With advancements in technology, new integrated circuits (ICs) have been developed to perform different logical functions. ICs are packaged into fine pitch, high-count packages so that a single IC may perform an increasing number of logical functions. ICs are tested prior to use to ensure that electrical characteristics and conductivity are within ranges required to perform specified functions. Unfortunately, high density ICs pose unique manufacturing challenges such as, but not limited to, accessibility of test points and high cost of test equipment.

In 1985, a group of European companies formed the Joint European Test Action Group (JETAG) to address IC testing challenges. JETAG called for incorporating hardware into standard components controlled via software, thereby eliminating the need for sophisticated in-circuit test equipment. By 1988, the standard component concept gained momentum in North America and several companies formed the Joint Test Access Group (JTAG) consortium to formalize the standard component concept. Thereafter, in 1990, the Institute of Electrical and Electronic Engineers (IEEE) refined the standard component concept and created the IEEE/ANSI 1149.1 standard, also known as the IEEE Standard Test Access Port and Boundary-scan Architecture.

The IEEE/ANSI 1149.1 standard was developed to provide standard test facilities and test points in ICs to ensure IC compatibility. Compatibility of ICs that are compliant with the 1149.1 standard allows universal testing techniques to be utilized for the compliant ICs. As more people became aware of, and used, the IEEE/ANSI 1149.1 standard, the need for a standard method for describing IEEE/ANSI 1149.1 standard compatible devices, including ICs, was recognized. The IEEE/ANSI 1149.1 standard working group established a subcommittee to develop a device description language to address the need for a standard method for describing IEEE/ANSI 1149.1 compatible devices.

The subcommittee has since developed and approved an industry standard language called Boundary-scan Description Language (BSDL). BSDL is a subset of the VHSIC Hardware Description Language (VHDL), which describes how the IEEE/ANSI 1149.1 standard is implemented in a device and how that device operates. The IEEE/ANSI 1149.1 standard, which is incorporated by reference here in its entirety, describes an in-circuit testing scheme using “scan registers” to capture data from input and output pins of the IC. The term “register” broadly refers to groups of digital logic storage units that are read or written as a unit. For example, a simple register may be constructed from a group of “flip-flops” whose outputs toggle simultaneously in response to a “clock” timing signal. In another type of register, called a “shift register,” stored values can also be circulated between the storage elements in the register when a particular control signal is pulsed.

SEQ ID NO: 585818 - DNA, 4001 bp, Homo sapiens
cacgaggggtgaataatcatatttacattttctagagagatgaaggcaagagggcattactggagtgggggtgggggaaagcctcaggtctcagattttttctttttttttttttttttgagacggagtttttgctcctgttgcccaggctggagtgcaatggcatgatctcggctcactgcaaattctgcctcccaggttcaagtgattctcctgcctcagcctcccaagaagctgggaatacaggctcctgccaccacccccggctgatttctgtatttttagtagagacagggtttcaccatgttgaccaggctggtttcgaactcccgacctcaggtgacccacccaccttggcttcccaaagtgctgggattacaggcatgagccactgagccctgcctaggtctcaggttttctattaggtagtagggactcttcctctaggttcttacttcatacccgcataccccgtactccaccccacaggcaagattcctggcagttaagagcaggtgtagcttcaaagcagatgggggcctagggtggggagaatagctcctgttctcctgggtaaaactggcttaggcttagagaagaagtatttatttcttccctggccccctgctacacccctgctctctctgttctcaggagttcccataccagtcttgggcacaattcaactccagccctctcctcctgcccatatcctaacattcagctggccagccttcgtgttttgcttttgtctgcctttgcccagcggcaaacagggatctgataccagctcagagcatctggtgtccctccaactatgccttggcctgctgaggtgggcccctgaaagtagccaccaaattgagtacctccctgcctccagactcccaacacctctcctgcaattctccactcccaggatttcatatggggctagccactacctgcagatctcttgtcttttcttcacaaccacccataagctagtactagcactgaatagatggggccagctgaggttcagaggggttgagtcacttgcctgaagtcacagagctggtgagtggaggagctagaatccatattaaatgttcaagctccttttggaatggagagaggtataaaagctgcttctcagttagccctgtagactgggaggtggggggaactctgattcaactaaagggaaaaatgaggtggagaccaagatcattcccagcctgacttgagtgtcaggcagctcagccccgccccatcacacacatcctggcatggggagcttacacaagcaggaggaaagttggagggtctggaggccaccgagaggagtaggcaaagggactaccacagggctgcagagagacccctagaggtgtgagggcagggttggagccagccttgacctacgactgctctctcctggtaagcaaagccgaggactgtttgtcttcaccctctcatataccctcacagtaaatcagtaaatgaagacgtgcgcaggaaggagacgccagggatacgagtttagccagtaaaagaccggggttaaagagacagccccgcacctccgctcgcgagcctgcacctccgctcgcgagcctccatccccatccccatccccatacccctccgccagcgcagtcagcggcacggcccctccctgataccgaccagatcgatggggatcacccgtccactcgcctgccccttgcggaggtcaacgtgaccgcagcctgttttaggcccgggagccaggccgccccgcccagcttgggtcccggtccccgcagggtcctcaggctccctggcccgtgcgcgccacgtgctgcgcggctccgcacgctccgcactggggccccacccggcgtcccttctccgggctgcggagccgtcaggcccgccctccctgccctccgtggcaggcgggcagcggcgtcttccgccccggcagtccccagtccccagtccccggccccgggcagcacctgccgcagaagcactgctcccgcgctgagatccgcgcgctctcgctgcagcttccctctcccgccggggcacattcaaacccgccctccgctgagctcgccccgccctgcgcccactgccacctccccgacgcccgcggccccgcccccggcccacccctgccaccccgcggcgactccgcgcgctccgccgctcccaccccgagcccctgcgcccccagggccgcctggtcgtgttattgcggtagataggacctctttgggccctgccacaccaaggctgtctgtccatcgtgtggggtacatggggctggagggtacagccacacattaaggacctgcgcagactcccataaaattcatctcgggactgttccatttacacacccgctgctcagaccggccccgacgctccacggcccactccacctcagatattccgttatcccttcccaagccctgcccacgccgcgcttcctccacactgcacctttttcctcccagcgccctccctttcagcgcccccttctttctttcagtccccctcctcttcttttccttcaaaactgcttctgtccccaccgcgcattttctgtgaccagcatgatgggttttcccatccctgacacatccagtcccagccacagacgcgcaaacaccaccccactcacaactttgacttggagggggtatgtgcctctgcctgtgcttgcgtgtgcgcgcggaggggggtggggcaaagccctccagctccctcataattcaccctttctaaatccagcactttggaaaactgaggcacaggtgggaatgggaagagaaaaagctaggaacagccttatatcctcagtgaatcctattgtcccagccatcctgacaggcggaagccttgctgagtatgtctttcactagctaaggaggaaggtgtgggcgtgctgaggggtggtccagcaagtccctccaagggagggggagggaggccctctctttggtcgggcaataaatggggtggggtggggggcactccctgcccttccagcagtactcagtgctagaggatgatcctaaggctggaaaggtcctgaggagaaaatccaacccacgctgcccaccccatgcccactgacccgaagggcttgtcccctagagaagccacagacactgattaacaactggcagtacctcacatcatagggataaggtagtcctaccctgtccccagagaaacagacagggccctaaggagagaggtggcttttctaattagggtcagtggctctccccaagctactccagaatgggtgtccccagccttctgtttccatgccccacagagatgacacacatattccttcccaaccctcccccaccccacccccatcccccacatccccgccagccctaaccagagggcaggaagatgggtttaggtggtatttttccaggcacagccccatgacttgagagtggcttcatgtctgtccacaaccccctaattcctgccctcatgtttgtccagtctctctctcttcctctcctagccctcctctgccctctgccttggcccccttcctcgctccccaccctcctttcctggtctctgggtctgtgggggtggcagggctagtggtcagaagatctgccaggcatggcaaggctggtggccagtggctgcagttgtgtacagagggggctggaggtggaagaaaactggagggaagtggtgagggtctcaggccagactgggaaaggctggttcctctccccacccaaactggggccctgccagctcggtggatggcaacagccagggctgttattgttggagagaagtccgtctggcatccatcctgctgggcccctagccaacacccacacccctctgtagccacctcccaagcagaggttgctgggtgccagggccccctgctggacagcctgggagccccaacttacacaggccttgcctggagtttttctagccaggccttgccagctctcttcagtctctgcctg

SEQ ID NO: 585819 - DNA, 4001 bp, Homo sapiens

Scan registers act as a group of flip-flops until they are switched into a test mode where they become one long shift register. This configuration allows data to be “clocked” serially through all of the scan registers and out of an output pin at the same time that new data is being clocked in from an input pin. A detailed discussion of boundary-scan testing and scan registers is provided in “The Boundary-Scan Handbook” by Kenneth P. Parker (Kluwer Academic Publishers, 2d edition) and “Agilent 3070 Family Boundary-Scan Fundamentals H7230A Opt 210 (E3795C)” (Agilent Technologies), both of which are also incorporated by reference here in their entirety. Testing systems that use boundary-scan technology in order to facilitate integrated circuit testing, board testing, and/or system level testing are also commercially-available from a variety of vendors including Agilent Technologies Inc.; Corelis, Inc.; ASSET InterTech, Inc.; JTAG Technologies B.V., Goepel Electronics; Teredyne Inc.; Agere Systems; Sightsys LTD.; Intellitech Corp.; Acugen Software; and others.

Examples of devices that implement the IEEE/ANSI 1149.1 standard in an IC include, but are not limited to, JTAG driving devices and JTAG receiving devices, wherein the devices are registers. The JTAG devices may be utilized for testing electrical characteristics and conductivity of the IC in which the JTAG devices are located.

Unfortunately, creating BSDL files is a tedious and error prone process since IC designers are required to map pin names of ICs to corresponding JTAG driving devices and receiving devices. Mapping of ICs is currently performed by observing netlists utilized for top-level design and by manually determining which top-level port of the IC is associated with which JTAG device.